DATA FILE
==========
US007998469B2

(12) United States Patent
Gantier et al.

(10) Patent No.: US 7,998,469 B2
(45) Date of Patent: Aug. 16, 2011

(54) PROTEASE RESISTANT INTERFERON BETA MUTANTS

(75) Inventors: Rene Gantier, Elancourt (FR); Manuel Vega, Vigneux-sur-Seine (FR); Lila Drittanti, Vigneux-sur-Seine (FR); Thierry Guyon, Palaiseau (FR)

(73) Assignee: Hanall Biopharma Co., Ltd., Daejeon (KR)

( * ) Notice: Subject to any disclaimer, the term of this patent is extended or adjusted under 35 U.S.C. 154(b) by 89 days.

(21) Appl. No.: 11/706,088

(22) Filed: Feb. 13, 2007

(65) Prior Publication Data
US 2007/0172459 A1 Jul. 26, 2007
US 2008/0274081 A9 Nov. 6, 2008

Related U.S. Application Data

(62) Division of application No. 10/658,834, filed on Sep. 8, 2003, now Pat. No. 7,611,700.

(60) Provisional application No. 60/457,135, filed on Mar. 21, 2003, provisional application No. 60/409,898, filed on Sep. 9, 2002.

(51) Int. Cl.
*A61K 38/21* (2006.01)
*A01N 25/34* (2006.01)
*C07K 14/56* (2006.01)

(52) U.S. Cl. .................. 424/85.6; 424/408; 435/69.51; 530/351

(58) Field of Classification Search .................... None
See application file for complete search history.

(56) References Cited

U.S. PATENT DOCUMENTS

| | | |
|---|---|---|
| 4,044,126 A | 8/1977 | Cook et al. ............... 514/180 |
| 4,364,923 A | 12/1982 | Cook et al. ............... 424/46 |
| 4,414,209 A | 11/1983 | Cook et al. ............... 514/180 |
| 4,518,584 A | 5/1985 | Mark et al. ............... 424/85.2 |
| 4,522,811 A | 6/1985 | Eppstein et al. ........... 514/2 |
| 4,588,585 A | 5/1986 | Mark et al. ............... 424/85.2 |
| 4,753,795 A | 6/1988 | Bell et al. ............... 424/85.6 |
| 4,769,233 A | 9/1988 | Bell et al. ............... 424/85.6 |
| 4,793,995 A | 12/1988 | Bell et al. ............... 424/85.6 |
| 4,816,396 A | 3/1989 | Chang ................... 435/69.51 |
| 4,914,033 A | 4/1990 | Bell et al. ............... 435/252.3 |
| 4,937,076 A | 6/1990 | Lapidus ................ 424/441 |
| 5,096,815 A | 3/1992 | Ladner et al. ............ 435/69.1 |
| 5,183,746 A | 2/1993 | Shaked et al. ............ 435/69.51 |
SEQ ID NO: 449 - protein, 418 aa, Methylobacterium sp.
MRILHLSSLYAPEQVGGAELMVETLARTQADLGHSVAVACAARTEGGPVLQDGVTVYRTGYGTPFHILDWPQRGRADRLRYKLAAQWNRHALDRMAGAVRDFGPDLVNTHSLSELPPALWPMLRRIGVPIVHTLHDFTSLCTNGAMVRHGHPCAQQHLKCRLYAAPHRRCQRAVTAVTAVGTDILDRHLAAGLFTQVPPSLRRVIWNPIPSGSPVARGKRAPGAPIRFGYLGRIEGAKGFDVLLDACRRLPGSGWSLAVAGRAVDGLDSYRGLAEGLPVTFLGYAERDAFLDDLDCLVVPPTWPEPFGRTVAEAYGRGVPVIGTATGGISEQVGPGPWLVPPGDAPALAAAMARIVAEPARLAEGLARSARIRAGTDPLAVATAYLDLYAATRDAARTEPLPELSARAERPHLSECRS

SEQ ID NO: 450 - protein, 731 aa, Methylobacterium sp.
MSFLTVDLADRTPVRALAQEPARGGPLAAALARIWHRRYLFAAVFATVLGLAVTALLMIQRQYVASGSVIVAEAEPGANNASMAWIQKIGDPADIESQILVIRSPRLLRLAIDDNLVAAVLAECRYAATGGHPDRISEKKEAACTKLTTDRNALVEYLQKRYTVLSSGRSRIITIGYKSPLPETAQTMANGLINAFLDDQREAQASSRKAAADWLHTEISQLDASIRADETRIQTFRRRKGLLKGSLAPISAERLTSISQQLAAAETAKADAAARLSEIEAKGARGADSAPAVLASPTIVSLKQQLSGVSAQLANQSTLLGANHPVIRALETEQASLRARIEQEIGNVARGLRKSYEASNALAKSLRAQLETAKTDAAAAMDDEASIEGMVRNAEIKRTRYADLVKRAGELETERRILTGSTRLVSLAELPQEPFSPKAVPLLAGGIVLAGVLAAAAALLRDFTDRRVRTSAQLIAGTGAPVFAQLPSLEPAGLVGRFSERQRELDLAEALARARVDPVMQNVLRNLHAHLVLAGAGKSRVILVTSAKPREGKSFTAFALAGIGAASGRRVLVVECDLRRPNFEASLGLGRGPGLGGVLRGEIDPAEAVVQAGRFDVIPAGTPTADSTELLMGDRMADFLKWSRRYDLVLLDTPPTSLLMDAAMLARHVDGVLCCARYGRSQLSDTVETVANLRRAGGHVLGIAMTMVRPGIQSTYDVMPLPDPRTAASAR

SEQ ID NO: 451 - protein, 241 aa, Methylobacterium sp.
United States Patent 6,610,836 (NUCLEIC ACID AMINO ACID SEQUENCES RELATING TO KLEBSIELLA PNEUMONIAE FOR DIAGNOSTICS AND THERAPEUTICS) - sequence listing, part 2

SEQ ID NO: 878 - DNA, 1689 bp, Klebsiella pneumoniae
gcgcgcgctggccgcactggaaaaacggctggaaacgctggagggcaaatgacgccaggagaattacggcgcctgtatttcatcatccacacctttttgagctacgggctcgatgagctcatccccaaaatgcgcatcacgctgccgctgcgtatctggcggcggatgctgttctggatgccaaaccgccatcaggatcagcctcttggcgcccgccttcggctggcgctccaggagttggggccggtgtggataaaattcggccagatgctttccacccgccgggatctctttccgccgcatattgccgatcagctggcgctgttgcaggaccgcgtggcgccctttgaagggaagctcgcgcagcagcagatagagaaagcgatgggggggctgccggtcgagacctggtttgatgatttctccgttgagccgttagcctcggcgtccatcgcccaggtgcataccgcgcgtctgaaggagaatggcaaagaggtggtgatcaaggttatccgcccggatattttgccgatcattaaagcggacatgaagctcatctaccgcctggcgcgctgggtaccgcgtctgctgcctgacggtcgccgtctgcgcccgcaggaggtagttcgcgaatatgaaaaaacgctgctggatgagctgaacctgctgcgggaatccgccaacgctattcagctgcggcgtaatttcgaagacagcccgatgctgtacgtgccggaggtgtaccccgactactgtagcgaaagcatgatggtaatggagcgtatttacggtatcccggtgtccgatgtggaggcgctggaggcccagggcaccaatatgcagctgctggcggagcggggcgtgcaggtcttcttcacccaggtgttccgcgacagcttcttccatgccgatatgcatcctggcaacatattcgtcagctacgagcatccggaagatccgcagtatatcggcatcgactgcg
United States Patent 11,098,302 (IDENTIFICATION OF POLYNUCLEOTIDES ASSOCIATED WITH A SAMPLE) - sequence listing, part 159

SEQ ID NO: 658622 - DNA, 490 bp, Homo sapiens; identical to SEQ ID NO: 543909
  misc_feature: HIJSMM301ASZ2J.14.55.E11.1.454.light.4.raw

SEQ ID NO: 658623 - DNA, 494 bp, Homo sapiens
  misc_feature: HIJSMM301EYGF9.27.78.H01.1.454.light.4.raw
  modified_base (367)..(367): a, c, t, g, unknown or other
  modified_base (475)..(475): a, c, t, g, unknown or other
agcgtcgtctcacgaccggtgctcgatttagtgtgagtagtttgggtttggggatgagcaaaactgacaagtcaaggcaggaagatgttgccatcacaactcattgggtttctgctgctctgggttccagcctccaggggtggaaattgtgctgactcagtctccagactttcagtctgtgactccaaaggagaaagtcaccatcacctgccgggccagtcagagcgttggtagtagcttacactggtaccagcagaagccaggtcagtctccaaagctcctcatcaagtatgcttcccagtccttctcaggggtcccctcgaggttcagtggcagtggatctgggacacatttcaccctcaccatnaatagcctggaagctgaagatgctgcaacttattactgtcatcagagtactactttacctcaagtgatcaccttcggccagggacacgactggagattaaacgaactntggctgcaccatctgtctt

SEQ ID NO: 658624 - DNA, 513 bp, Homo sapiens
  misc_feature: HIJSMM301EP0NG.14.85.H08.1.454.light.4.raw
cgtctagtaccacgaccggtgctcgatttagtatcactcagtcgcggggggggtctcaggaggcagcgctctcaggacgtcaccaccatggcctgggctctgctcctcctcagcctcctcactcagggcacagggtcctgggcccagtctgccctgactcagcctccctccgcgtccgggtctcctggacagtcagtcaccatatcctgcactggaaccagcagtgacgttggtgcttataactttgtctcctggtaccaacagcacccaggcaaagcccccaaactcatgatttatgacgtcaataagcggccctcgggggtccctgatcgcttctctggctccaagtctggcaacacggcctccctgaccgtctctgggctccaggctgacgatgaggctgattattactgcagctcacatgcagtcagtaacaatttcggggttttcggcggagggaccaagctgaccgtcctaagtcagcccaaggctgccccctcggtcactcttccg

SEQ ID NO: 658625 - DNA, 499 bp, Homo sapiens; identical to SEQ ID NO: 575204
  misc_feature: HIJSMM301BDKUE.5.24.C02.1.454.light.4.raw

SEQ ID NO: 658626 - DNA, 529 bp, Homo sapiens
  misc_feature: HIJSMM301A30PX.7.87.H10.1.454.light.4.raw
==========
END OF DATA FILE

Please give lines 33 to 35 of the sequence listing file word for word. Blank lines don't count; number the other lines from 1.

| 4,522,811 A | 6/1985 | Eppstein et al. ........... 514/2 |
| 4,588,585 A | 5/1986 | Mark et al. ............... 424/85.2 |
| 4,753,795 A | 6/1988 | Bell et al. ............... 424/85.6 |